Störkel et al. (11) first reported an insulin-derived amyloidoma in 1983; the amyloidoma was believed to be a rare skin complication of insulin therapy. However, in recent years, the number of reported amyloidoma cases has continued to increase, in keeping with the worldwide increase in the number of insulin-dependent patients with diabetes (5,7). Moreover, insulin-derived amyloidoma is possibly underestimated due to misdiagnosis as lipohypertrophy, which is a common skin complication of insulin therapy (6,12). Both conditions appear as subcutaneous lumps, and histopathological examination is necessary to distinguish between the two.
Insulin-derived amyloidoma was initially thought to be an exceptional situation caused by using animal-derived insulin for humans (11,13). However, even human insulin and various types of insulin analogs cause amyloidomas to develop in patients with type 1 and type 2 diabetes (5–7,14–22). Islet amyloid polypeptide (IAPP) (also referred to as amylin) amyloidosis is frequently associated with type 2 diabetes (23). However, there is no evidence of a direct relationship between IAPP amyloidosis and localized subcutaneous insulin-derived amyloidoma.
Insulin-derived amyloidoma is clinically important because it destabilizes glycemic control by inhibiting absorption of freshly injected insulin into the bloodstream (5–7,14–16). Insulin injections at amyloidoma sites cause a significant increase in the insulin requirement (14–16). However, severe hypoglycemia can be caused by moving the injection site to outside the amyloidoma (5,7,16,24). The reported degree of the inhibitory effect of insulin absorption by amyloidomas varies, probably because the degree and distribution of amyloid deposits differ greatly in particular cases (25–28).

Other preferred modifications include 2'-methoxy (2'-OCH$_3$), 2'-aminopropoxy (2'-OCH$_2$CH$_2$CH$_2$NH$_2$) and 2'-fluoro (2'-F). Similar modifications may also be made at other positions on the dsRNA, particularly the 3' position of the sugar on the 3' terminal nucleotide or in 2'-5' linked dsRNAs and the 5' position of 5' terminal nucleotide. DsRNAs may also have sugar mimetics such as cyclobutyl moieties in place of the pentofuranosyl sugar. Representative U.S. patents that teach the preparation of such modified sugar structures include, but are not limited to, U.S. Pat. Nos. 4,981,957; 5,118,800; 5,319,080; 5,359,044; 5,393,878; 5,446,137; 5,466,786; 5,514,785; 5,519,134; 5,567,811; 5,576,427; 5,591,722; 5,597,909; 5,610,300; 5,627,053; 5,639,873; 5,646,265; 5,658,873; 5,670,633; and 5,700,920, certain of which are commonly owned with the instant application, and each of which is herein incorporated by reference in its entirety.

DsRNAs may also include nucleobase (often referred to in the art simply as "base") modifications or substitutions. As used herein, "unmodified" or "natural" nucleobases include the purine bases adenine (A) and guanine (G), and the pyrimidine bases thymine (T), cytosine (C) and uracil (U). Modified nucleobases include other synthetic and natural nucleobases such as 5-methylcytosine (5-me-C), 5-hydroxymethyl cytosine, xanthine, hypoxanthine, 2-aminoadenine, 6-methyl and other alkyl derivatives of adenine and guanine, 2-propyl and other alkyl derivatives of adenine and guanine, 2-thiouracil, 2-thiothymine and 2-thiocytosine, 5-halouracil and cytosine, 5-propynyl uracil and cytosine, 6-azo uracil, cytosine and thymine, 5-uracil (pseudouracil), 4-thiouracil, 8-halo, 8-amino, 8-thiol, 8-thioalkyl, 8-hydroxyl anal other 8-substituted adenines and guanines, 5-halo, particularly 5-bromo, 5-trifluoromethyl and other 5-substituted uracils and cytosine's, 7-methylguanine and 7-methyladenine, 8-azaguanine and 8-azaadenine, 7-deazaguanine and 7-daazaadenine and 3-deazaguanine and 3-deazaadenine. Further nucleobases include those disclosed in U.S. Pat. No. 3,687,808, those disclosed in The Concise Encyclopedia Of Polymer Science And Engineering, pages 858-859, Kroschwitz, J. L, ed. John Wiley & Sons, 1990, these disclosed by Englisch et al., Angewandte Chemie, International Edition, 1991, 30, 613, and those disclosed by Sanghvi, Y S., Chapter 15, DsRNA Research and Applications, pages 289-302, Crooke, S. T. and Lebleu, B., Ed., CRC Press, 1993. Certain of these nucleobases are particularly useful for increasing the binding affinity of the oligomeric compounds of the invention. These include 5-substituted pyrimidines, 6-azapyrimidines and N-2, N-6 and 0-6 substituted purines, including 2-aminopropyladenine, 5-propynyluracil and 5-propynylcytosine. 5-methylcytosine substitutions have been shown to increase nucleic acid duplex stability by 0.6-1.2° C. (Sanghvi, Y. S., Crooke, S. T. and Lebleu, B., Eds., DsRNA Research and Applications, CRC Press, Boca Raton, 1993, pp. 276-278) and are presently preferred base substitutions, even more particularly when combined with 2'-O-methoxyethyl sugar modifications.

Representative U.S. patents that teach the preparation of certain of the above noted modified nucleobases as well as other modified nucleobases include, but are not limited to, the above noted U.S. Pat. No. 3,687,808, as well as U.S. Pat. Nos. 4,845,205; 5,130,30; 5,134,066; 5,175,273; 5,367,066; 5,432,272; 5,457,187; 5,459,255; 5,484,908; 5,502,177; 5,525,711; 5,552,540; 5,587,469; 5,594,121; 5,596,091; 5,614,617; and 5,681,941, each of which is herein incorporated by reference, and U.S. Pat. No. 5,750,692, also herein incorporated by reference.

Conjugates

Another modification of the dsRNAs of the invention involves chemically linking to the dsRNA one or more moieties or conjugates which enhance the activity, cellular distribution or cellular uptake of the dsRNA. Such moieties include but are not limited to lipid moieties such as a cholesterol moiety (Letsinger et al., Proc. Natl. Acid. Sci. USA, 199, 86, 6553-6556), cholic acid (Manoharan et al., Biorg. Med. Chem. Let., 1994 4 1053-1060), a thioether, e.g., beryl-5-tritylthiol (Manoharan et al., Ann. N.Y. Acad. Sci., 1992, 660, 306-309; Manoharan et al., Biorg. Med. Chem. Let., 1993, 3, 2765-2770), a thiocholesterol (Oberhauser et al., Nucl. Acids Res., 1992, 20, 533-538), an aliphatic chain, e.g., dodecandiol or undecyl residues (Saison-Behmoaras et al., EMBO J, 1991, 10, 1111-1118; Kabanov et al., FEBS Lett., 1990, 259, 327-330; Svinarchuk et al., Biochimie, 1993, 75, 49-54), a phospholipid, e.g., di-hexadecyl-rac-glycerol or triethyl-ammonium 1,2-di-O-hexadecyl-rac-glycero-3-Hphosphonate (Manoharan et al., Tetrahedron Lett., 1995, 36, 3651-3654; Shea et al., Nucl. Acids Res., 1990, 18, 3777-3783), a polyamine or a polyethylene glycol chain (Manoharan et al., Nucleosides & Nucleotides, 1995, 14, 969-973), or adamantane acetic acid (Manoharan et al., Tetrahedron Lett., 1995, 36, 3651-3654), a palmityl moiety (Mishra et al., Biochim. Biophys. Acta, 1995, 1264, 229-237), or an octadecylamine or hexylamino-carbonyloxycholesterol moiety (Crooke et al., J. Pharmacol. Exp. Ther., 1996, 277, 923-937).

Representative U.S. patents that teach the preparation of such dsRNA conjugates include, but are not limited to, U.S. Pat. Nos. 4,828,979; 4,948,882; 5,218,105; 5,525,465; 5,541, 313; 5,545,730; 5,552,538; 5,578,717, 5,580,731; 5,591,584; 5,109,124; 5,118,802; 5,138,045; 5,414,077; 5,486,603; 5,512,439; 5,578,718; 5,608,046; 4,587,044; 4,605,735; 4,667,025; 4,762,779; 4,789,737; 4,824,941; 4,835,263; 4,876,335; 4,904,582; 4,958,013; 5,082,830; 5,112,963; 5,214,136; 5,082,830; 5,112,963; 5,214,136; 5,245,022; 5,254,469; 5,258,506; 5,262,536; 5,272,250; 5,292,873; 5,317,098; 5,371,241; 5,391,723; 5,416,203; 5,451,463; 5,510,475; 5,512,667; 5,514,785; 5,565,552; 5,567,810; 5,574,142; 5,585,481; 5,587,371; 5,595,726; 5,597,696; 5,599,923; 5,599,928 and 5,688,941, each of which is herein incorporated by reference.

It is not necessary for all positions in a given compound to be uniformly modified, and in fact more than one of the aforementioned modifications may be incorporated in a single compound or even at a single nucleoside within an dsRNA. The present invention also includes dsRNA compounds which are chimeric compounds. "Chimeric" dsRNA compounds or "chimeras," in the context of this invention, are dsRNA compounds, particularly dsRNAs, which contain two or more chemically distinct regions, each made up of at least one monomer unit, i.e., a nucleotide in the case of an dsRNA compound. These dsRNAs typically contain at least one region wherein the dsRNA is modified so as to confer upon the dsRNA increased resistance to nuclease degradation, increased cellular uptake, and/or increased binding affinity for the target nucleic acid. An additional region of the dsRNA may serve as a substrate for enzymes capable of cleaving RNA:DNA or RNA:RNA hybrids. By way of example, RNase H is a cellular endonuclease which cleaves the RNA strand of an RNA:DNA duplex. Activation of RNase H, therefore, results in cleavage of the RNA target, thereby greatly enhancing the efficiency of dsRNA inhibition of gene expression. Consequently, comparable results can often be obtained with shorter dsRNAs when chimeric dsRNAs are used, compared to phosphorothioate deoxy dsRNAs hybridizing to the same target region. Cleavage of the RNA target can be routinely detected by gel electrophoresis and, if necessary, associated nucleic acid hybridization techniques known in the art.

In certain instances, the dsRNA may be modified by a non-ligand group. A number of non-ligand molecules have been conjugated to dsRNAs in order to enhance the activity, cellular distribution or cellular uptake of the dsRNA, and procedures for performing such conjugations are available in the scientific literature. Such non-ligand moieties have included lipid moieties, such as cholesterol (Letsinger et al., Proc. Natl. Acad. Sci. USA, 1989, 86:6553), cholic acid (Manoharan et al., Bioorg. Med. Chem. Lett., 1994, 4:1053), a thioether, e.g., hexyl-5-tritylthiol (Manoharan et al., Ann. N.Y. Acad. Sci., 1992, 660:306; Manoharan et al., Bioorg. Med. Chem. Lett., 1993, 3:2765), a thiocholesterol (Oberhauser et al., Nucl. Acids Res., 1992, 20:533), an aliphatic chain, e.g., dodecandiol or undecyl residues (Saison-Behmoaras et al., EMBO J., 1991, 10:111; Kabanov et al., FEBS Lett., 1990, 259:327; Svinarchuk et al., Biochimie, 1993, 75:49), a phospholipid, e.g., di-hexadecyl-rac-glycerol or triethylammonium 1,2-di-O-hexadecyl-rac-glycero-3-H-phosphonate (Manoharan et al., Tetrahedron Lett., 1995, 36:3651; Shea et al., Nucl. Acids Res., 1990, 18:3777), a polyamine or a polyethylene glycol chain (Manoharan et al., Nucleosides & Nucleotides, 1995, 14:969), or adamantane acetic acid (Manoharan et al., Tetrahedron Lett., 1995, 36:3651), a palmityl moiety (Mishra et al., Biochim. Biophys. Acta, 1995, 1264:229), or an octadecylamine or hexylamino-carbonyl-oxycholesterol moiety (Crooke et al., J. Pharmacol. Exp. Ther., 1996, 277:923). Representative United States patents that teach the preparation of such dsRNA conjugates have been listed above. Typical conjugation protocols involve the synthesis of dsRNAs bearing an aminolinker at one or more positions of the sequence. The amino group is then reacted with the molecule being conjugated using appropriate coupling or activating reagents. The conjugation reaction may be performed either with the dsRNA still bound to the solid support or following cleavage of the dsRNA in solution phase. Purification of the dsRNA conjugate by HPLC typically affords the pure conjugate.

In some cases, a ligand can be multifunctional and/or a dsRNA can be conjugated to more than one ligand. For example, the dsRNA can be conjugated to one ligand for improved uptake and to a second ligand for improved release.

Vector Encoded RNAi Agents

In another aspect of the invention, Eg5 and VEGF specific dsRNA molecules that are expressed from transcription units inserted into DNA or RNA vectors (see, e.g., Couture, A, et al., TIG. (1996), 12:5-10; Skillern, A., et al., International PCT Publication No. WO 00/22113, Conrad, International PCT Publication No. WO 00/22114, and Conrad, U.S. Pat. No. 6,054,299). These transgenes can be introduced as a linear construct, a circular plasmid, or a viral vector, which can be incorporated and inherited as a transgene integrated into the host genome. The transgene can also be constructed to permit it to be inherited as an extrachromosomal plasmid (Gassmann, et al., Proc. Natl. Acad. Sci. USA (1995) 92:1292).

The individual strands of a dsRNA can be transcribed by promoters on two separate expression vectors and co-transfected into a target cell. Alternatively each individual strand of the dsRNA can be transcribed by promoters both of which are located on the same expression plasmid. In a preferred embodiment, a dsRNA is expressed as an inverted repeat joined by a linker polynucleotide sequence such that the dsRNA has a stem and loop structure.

With regard to the mechanism by which amyloidomas prevent absorption of freshly injected insulin, the following four hypotheses have been proposed (5,7,16) (Fig. 1). First, amyloid deposits may act as a physical barrier against injected insulin. Second, native insulin may adhere to amyloid fibrils. Third, inflammatory cells and insulin-degrading enzyme (IDE), which are induced by the amyloidomas, may degrade injected insulin. Fourth, injected native insulin may rapidly form amyloid fibrils in the presence of preformed amyloid seeds. However, the mechanism by which amyloidomas prevent absorption of freshly injected insulin has not yet been clarified.
In this study, we therefore generated mouse models to evaluate the effect of subcutaneous insulin resistance specifically caused by an insulin-derived amyloidoma. We also clarified the pathophysiological mechanism of the inhibition of insulin absorption caused by the amyloidoma.